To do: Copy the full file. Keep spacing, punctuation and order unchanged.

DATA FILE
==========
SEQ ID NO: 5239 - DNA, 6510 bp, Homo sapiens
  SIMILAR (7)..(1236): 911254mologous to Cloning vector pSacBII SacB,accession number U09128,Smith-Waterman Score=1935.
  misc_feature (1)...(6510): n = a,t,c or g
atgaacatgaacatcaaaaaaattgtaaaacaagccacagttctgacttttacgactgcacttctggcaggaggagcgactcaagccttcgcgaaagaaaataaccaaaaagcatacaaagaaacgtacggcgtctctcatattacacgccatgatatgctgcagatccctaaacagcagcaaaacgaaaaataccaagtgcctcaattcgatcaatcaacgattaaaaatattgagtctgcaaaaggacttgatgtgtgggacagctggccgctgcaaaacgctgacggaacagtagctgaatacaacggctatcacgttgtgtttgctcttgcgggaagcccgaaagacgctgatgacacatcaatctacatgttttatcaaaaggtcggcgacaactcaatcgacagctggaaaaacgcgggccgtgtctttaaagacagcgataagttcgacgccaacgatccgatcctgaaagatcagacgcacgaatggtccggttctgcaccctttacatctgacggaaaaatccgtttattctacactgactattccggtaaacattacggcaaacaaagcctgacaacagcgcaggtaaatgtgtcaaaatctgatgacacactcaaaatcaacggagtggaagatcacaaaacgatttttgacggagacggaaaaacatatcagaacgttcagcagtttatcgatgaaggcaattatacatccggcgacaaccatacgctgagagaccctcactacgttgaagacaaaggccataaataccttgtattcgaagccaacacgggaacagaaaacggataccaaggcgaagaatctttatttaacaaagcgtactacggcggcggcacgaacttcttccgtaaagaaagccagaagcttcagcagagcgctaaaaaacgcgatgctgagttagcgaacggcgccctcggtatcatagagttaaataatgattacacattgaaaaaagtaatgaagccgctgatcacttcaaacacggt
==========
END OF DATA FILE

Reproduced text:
SEQ ID NO: 5239 - DNA, 6510 bp, Homo sapiens
  SIMILAR (7)..(1236): 911254mologous to Cloning vector pSacBII SacB,accession number U09128,Smith-Waterman Score=1935.
  misc_feature (1)...(6510): n = a,t,c or g
atgaacatgaacatcaaaaaaattgtaaaacaagccacagttctgacttttacgactgcacttctggcaggaggagcgactcaagccttcgcgaaagaaaataaccaaaaagcatacaaagaaacgtacggcgtctctcatattacacgccatgatatgctgcagatccctaaacagcagcaaaacgaaaaataccaagtgcctcaattcgatcaatcaacgattaaaaatattgagtctgcaaaaggacttgatgtgtgggacagctggccgctgcaaaacgctgacggaacagtagctgaatacaacggctatcacgttgtgtttgctcttgcgggaagcccgaaagacgctgatgacacatcaatctacatgttttatcaaaaggtcggcgacaactcaatcgacagctggaaaaacgcgggccgtgtctttaaagacagcgataagttcgacgccaacgatccgatcctgaaagatcagacgcacgaatggtccggttctgcaccctttacatctgacggaaaaatccgtttattctacactgactattccggtaaacattacggcaaacaaagcctgacaacagcgcaggtaaatgtgtcaaaatctgatgacacactcaaaatcaacggagtggaagatcacaaaacgatttttgacggagacggaaaaacatatcagaacgttcagcagtttatcgatgaaggcaattatacatccggcgacaaccatacgctgagagaccctcactacgttgaagacaaaggccataaataccttgtattcgaagccaacacgggaacagaaaacggataccaaggcgaagaatctttatttaacaaagcgtactacggcggcggcacgaacttcttccgtaaagaaagccagaagcttcagcagagcgctaaaaaacgcgatgctgagttagcgaacggcgccctcggtatcatagagttaaataatgattacacattgaaaaaagtaatgaagccgctgatcacttcaaacacggt